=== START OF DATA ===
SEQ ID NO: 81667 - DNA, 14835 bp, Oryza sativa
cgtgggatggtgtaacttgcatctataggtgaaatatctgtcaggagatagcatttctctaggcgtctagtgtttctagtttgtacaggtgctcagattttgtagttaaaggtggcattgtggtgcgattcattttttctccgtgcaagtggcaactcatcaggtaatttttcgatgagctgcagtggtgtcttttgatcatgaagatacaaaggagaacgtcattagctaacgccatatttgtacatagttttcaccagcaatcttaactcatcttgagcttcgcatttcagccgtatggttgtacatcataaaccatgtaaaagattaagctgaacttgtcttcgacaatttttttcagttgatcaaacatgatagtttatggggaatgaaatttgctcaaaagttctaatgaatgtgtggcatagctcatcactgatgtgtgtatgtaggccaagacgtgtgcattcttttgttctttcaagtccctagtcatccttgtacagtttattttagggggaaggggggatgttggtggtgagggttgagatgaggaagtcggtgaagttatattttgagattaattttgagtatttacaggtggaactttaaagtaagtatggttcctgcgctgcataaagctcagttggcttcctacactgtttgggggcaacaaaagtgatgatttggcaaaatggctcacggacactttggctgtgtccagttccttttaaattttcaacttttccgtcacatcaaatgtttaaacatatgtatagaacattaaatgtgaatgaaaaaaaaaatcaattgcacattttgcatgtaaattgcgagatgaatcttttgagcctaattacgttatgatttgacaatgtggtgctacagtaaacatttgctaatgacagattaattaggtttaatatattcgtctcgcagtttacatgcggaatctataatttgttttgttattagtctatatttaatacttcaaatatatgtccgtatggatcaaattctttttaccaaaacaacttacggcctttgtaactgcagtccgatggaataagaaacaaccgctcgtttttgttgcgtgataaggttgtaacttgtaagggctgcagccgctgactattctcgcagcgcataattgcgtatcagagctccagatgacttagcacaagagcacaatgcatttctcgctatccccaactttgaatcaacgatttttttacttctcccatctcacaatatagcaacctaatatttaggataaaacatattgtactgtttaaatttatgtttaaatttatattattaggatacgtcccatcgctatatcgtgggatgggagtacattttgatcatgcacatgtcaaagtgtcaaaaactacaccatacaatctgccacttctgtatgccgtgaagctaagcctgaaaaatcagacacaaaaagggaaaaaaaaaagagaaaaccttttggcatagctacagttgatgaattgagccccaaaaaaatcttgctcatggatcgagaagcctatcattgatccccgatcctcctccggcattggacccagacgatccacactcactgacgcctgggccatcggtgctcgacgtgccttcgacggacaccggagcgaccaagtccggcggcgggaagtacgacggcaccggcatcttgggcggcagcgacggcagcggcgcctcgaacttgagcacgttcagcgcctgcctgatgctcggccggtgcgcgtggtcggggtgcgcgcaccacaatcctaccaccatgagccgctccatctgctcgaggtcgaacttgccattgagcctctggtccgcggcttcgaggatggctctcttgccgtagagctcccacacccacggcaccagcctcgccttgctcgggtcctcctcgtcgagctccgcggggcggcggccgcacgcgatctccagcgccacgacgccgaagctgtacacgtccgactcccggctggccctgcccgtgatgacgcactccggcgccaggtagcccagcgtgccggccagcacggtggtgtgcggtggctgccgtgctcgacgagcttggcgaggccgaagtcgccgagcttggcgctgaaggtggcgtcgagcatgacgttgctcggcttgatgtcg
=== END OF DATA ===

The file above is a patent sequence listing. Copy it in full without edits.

SEQ ID NO: 81667 - DNA, 14835 bp, Oryza sativa
cgtgggatggtgtaacttgcatctataggtgaaatatctgtcaggagatagcatttctctaggcgtctagtgtttctagtttgtacaggtgctcagattttgtagttaaaggtggcattgtggtgcgattcattttttctccgtgcaagtggcaactcatcaggtaatttttcgatgagctgcagtggtgtcttttgatcatgaagatacaaaggagaacgtcattagctaacgccatatttgtacatagttttcaccagcaatcttaactcatcttgagcttcgcatttcagccgtatggttgtacatcataaaccatgtaaaagattaagctgaacttgtcttcgacaatttttttcagttgatcaaacatgatagtttatggggaatgaaatttgctcaaaagttctaatgaatgtgtggcatagctcatcactgatgtgtgtatgtaggccaagacgtgtgcattcttttgttctttcaagtccctagtcatccttgtacagtttattttagggggaaggggggatgttggtggtgagggttgagatgaggaagtcggtgaagttatattttgagattaattttgagtatttacaggtggaactttaaagtaagtatggttcctgcgctgcataaagctcagttggcttcctacactgtttgggggcaacaaaagtgatgatttggcaaaatggctcacggacactttggctgtgtccagttccttttaaattttcaacttttccgtcacatcaaatgtttaaacatatgtatagaacattaaatgtgaatgaaaaaaaaaatcaattgcacattttgcatgtaaattgcgagatgaatcttttgagcctaattacgttatgatttgacaatgtggtgctacagtaaacatttgctaatgacagattaattaggtttaatatattcgtctcgcagtttacatgcggaatctataatttgttttgttattagtctatatttaatacttcaaatatatgtccgtatggatcaaattctttttaccaaaacaacttacggcctttgtaactgcagtccgatggaataagaaacaaccgctcgtttttgttgcgtgataaggttgtaacttgtaagggctgcagccgctgactattctcgcagcgcataattgcgtatcagagctccagatgacttagcacaagagcacaatgcatttctcgctatccccaactttgaatcaacgatttttttacttctcccatctcacaatatagcaacctaatatttaggataaaacatattgtactgtttaaatttatgtttaaatttatattattaggatacgtcccatcgctatatcgtgggatgggagtacattttgatcatgcacatgtcaaagtgtcaaaaactacaccatacaatctgccacttctgtatgccgtgaagctaagcctgaaaaatcagacacaaaaagggaaaaaaaaaagagaaaaccttttggcatagctacagttgatgaattgagccccaaaaaaatcttgctcatggatcgagaagcctatcattgatccccgatcctcctccggcattggacccagacgatccacactcactgacgcctgggccatcggtgctcgacgtgccttcgacggacaccggagcgaccaagtccggcggcgggaagtacgacggcaccggcatcttgggcggcagcgacggcagcggcgcctcgaacttgagcacgttcagcgcctgcctgatgctcggccggtgcgcgtggtcggggtgcgcgcaccacaatcctaccaccatgagccgctccatctgctcgaggtcgaacttgccattgagcctctggtccgcggcttcgaggatggctctcttgccgtagagctcccacacccacggcaccagcctcgccttgctcgggtcctcctcgtcgagctccgcggggcggcggccgcacgcgatctccagcgccacgacgccgaagctgtacacgtccgactcccggctggccctgcccgtgatgacgcactccggcgccaggtagcccagcgtgccggccagcacggtggtgtgcggtggctgccgtgctcgacgagcttggcgaggccgaagtcgccgagcttggcgctgaaggtggcgtcgagcatgacgttgctcggcttgatgtcg